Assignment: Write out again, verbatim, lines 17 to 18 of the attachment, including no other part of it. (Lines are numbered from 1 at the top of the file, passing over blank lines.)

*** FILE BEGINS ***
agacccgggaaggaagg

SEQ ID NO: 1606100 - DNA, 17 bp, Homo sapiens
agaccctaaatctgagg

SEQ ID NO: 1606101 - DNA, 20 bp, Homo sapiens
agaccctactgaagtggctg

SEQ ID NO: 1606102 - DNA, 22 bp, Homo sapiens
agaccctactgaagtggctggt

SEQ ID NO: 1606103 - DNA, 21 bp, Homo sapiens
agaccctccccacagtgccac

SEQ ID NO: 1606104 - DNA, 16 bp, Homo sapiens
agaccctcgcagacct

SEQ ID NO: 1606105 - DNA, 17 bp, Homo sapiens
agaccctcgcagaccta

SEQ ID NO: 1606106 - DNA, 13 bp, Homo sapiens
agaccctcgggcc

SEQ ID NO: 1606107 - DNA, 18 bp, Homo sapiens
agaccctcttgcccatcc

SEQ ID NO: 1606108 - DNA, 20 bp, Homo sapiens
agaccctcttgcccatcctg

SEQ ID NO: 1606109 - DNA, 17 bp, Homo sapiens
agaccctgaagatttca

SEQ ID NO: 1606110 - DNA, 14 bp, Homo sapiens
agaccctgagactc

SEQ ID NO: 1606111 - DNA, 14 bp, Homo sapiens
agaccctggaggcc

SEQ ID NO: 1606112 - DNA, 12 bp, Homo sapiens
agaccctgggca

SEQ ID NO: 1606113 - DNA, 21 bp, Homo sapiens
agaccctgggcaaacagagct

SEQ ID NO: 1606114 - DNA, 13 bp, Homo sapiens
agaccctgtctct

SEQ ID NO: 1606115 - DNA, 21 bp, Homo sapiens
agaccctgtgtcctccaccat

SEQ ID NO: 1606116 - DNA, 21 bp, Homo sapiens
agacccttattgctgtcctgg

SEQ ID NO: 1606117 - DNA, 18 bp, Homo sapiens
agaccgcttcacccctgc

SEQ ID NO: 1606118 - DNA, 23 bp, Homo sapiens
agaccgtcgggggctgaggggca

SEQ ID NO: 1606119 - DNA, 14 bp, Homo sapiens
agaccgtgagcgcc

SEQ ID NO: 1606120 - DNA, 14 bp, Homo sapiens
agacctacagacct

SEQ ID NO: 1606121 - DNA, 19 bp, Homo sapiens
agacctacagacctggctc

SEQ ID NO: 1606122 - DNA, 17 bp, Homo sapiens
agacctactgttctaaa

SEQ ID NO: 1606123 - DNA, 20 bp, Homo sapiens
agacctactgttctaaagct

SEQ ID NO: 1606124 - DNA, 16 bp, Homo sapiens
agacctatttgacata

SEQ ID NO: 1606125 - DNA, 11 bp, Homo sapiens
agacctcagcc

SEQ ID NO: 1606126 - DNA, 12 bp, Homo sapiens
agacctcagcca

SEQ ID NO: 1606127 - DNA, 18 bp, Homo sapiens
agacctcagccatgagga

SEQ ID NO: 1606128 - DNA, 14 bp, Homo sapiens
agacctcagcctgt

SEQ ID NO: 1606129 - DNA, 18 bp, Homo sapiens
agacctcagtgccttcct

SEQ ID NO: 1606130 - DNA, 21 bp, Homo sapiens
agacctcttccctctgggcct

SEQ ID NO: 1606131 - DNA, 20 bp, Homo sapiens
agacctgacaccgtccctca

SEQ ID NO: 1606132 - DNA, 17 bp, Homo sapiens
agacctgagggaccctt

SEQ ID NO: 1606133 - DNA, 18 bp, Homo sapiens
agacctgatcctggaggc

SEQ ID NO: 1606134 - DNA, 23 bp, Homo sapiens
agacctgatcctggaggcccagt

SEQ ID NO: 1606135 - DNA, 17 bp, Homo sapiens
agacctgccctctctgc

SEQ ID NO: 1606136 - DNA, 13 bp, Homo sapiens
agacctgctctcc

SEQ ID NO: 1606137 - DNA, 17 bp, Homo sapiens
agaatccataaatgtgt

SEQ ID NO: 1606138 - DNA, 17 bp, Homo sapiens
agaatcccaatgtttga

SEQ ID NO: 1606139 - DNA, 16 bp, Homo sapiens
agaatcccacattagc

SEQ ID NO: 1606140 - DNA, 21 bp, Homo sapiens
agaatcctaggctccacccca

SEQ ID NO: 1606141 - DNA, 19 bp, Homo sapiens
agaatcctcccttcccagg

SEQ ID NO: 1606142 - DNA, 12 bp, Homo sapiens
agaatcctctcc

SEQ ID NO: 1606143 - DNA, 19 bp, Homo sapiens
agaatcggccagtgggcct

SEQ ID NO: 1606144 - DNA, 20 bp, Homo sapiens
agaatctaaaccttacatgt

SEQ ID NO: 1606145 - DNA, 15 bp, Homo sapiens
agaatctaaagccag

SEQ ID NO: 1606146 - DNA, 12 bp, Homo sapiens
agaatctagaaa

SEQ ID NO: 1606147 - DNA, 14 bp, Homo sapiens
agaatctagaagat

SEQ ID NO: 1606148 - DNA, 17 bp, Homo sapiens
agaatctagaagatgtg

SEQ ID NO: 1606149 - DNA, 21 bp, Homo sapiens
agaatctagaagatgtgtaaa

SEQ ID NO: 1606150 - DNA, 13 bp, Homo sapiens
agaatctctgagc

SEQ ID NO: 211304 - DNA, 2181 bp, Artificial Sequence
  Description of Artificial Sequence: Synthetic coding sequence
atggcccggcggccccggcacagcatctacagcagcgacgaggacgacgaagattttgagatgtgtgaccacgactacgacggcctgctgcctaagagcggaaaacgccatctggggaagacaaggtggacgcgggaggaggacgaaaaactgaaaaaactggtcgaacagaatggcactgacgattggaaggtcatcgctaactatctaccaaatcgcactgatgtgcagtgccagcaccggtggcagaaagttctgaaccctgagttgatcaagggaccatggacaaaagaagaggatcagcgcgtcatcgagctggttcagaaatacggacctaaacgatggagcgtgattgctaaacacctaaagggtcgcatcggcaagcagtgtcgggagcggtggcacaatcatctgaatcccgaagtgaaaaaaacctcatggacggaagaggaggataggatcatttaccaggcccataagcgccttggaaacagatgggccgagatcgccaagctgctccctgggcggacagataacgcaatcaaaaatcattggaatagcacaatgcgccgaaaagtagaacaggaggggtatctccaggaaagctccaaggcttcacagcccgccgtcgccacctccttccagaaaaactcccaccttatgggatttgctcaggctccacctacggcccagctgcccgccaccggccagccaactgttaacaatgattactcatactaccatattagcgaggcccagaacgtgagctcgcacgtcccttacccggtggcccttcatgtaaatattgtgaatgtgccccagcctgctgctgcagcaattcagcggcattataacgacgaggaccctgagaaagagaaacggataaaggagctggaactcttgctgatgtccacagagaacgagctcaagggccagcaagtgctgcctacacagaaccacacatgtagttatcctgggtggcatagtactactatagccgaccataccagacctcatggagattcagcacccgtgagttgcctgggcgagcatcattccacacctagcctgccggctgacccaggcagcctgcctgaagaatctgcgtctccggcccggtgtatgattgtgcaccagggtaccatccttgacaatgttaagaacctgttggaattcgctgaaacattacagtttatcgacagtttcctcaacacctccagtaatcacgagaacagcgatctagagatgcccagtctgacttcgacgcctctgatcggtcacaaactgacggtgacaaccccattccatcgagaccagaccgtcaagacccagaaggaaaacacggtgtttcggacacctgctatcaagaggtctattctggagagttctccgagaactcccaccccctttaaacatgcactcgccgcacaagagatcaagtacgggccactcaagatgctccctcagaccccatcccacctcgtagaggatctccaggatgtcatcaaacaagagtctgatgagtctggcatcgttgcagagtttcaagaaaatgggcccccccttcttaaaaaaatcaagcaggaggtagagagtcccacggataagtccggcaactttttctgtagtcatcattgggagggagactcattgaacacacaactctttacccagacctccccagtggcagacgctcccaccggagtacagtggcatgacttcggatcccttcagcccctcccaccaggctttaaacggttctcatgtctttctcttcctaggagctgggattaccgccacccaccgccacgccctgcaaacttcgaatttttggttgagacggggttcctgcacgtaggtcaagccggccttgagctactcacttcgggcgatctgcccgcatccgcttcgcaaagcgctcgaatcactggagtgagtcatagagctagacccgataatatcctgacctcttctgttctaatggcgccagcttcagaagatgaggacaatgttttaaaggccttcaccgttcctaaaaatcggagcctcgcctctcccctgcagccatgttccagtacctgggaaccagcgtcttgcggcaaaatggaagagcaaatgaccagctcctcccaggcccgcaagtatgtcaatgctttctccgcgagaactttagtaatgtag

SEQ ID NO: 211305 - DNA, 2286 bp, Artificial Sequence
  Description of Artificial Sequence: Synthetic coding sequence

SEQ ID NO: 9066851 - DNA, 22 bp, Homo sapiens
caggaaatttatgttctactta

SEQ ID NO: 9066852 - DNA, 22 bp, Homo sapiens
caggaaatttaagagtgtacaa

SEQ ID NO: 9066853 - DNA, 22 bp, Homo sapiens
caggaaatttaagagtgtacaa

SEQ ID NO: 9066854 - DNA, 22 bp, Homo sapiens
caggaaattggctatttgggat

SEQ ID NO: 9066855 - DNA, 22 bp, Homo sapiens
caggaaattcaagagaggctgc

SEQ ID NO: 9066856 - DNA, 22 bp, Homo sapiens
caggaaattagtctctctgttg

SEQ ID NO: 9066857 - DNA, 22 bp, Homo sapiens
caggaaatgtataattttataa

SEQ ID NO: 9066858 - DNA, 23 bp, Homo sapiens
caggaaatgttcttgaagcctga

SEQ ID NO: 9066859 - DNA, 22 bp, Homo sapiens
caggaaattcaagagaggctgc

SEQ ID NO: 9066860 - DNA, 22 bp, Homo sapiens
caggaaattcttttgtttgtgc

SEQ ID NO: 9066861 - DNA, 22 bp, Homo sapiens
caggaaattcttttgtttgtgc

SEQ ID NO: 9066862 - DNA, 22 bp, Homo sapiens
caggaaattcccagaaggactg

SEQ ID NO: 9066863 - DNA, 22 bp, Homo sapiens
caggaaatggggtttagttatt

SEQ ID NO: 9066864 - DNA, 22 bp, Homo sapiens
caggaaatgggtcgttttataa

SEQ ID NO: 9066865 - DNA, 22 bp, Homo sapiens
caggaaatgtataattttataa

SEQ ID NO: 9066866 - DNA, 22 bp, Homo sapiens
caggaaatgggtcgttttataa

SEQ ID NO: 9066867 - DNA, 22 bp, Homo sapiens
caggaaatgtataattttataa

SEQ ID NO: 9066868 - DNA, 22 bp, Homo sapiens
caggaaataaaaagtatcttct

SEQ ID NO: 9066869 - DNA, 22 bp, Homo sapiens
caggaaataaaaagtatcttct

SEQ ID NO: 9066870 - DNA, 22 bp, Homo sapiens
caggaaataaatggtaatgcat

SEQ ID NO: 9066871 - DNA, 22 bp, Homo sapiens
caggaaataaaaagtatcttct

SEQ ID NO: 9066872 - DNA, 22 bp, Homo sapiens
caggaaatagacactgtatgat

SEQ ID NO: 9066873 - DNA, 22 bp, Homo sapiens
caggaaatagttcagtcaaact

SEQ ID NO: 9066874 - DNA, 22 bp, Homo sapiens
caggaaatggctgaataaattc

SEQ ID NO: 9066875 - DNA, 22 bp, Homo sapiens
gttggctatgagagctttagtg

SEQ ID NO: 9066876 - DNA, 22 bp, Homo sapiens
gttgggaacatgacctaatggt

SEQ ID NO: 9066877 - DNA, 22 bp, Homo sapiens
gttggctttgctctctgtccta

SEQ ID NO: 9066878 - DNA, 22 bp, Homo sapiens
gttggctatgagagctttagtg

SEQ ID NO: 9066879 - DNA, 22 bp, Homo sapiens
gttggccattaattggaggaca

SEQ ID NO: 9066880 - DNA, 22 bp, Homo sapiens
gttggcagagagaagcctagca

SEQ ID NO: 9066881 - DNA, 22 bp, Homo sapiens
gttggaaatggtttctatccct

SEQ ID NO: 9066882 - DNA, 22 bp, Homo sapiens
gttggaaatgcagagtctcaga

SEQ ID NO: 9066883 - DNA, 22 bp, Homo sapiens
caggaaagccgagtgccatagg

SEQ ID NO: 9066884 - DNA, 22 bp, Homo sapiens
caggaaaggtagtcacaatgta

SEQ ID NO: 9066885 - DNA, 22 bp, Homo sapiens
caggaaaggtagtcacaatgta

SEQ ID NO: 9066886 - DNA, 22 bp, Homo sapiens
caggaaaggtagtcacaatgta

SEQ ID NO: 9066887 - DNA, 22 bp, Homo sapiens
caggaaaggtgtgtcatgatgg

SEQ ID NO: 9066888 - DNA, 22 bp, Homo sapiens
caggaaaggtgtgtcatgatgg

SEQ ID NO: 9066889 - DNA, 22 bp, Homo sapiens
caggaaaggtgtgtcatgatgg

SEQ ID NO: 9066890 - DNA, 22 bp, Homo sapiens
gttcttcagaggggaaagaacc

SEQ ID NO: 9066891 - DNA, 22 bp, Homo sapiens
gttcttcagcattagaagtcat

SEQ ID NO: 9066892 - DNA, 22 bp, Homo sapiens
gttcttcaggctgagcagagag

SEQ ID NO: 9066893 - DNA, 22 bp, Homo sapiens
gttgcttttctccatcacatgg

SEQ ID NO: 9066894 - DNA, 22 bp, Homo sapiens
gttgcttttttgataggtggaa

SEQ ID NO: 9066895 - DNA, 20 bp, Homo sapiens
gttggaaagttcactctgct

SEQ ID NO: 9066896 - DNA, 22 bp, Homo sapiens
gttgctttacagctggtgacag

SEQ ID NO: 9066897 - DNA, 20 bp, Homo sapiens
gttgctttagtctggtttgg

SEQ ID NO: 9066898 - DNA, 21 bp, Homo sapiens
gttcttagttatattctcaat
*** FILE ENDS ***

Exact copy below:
agaccctcttgcccatcc

SEQ ID NO: 1606108 - DNA, 20 bp, Homo sapiens